Given the common and collective history of Barbados and the Eastern Caribbean, the strides we have made in combatting discrimination and ridding our societies of the inequities that defined the colonial and immediate post-colonial periods have been nothing short of inspiring.


The strides have been many. Constitutions that prohibit discrimination based on race, sex and social origin, thus giving citizens protection from unjust state action. Employment legislation that prohibits discrimination for employees with disabilities in Barbados and Saint Lucia, Family Law legislation that has banished the notion of the illegitimacy that in years past served to disinherit citizens and legitimize unequal treatment between children. An increase of women actively participating in politics.  


Despite our strides, there is still ground to be made, particularly for women and girls. As we mark this Zero Discrimination Day, the gender pay gap in the Caribbean remains alarmingly disparate, The 2019 Human Development Report places annual  gross income for women at US $13,686 while men earn US $18,292, a fact that should concern us all especially because women outnumber men as graduates of institutions of higher learning.  Holistically addressing discrimination of women and girls, requires that we must better grapple with the realities of intersectional identities, and find space in our legislation, policy, and practice for citizens both woman and disabled, or woman and LGBTI, and any combination thereof including vulnerably situated girls.


UNDP recognizes that the empowerment and advancement of women and girls are essential to the development of the Eastern Caribbean region through its partnerships with governments and donor agencies and thus has committed to two projects principally focused on gender; namely Spotlight and EnGenDER.


The Spotlight Initiative funded by the European Union and led by UN Women with the participation of UNDP, PAHO, UNICEF and UNFPA is designed to focus attention, coordinate human effort, and strategically apply resources to the implementation of a well-conceived comprehensive national programme to contribute to the end of family violence and all forms of violence against women and girls in Grenada, Carriacou and Petite Martinique.


EnGenDER is a 15-million USD project funded by Global Affairs Canada (GAC) and Department for International Development (DFID); appropriately titled Enabling Gender-Responsive Disaster Recovery, Climate and Environmental Resilience in the Caribbean (EnGenDER). The ultimate outcome of the EnGenDER Project is to support improved climate resilience for key vulnerable populations and future generations in the Caribbean.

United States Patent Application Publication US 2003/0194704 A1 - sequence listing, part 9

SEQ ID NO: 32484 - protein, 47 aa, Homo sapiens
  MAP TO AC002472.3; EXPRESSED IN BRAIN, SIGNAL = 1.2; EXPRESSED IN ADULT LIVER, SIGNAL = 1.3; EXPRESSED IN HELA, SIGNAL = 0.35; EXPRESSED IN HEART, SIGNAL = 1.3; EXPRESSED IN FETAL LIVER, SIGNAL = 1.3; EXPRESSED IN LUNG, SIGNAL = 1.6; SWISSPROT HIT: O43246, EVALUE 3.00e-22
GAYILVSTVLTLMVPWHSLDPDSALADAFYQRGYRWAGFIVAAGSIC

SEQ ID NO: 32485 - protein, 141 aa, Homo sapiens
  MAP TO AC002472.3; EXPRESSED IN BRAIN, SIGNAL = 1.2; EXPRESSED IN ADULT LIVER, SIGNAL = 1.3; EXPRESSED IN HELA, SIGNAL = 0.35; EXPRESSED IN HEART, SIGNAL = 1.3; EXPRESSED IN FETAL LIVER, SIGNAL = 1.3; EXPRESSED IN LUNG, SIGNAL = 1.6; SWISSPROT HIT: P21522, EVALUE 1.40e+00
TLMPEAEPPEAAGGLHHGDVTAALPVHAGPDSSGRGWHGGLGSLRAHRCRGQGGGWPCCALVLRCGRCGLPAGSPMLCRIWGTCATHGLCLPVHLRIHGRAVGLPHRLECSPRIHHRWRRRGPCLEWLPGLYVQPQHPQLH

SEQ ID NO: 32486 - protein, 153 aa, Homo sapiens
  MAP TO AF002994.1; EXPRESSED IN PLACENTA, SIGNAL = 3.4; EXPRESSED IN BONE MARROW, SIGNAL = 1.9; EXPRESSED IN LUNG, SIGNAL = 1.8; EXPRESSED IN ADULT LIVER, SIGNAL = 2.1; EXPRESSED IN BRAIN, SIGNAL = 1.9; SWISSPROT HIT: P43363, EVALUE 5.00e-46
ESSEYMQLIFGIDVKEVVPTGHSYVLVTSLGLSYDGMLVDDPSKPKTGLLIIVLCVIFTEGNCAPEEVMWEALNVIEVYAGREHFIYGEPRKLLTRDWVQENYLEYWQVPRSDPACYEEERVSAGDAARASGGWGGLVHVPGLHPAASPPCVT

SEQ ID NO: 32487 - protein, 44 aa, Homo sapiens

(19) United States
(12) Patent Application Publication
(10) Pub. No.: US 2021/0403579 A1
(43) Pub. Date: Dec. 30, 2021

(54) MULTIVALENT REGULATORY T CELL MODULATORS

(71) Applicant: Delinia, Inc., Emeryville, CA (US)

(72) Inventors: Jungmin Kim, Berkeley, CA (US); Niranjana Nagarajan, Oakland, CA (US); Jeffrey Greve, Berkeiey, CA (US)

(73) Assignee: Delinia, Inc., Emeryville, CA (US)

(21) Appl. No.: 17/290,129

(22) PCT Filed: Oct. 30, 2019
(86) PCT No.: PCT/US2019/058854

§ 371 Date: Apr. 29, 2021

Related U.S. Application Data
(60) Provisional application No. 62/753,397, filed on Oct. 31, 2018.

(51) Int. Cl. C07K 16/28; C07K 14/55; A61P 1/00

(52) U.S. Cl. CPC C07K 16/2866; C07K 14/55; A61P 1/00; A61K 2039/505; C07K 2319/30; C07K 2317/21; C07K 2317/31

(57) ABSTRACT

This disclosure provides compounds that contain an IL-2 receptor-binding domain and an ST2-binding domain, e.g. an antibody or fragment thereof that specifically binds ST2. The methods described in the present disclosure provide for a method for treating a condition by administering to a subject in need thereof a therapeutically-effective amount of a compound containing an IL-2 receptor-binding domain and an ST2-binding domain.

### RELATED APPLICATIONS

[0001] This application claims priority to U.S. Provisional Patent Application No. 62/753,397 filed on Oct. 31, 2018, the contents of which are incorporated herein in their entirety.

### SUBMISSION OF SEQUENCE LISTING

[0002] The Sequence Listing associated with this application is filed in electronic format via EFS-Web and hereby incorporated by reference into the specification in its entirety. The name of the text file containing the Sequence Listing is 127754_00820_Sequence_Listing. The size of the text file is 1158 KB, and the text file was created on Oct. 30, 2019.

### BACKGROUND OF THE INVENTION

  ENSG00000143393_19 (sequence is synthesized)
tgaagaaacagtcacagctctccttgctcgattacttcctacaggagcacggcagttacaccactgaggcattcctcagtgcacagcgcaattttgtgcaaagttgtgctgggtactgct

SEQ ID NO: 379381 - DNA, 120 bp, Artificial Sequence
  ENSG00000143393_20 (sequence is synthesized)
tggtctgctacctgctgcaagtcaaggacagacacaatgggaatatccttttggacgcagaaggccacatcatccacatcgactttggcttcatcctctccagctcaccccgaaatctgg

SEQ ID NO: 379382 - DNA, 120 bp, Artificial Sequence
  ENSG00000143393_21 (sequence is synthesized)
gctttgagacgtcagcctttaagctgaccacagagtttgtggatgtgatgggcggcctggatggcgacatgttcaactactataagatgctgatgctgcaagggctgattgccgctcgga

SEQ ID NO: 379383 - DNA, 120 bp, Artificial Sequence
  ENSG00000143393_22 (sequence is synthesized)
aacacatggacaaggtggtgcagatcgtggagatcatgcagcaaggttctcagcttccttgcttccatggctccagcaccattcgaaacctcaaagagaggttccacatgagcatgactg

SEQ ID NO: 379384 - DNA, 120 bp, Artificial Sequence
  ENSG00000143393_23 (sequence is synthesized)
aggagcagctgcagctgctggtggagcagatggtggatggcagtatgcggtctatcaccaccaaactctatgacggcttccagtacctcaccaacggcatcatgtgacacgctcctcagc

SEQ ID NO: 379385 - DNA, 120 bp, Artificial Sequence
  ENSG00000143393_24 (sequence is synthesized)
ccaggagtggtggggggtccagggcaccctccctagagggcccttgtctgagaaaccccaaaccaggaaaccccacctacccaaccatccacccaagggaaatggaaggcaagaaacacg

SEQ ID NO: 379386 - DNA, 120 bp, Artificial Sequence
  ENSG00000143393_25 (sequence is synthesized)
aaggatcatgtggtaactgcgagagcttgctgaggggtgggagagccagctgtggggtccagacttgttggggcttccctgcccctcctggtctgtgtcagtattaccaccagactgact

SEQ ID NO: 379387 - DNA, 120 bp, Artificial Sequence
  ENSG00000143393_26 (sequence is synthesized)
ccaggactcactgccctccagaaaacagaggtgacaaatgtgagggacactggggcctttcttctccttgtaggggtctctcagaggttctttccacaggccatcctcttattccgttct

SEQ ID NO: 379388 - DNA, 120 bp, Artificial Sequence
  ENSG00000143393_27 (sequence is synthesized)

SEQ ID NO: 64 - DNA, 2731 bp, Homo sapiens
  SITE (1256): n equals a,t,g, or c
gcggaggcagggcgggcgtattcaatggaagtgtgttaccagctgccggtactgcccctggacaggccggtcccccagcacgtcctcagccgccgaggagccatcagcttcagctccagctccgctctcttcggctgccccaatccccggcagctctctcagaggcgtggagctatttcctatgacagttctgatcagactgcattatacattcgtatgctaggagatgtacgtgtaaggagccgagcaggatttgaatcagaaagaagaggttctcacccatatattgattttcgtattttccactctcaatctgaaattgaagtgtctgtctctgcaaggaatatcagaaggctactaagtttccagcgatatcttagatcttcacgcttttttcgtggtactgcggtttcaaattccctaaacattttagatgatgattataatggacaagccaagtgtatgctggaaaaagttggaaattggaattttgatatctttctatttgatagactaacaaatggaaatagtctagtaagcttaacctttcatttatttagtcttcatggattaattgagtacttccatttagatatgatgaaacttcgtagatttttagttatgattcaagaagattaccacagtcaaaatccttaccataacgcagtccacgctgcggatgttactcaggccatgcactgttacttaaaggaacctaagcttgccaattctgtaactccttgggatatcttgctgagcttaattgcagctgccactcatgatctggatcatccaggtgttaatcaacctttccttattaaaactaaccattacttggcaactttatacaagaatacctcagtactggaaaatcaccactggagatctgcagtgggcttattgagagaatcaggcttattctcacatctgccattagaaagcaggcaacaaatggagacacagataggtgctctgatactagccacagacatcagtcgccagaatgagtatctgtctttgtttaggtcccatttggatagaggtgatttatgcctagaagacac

This task of improving the prospects for women and girls is difficult but one for which states like Barbados and those in the Eastern Caribbean are well equipped, we are diverse and have used collective genius and extraordinary will to overcome and improve on our realities. We must harness the advantage of our diversity even though the work is complicated, because our societies deserve more.”


Women and girls deserve comprehensive and enforceable domestic violence legislation. They deserve to be fully in charge of their sexual and reproductive health and thus we need to remedy the discordance between the age of consent and age at which they can independently procure medical services in the countries where that exists, we need to enact anti-discrimination legislation which ensures that women are not unjustly kept out of leadership and their professional ascent is not hindered by a glass ceiling.


Even though much remains to be done, on this day it is imperative that we celebrate women and girls who both privately and publicly work and raise their voices daily, sometimes at much personal sacrifice so that there will come a day when the region may achieve Zero Discrimination. However, the task is all of ours to join in advancing equality, equity and ensuring Sustainable Development for us all.


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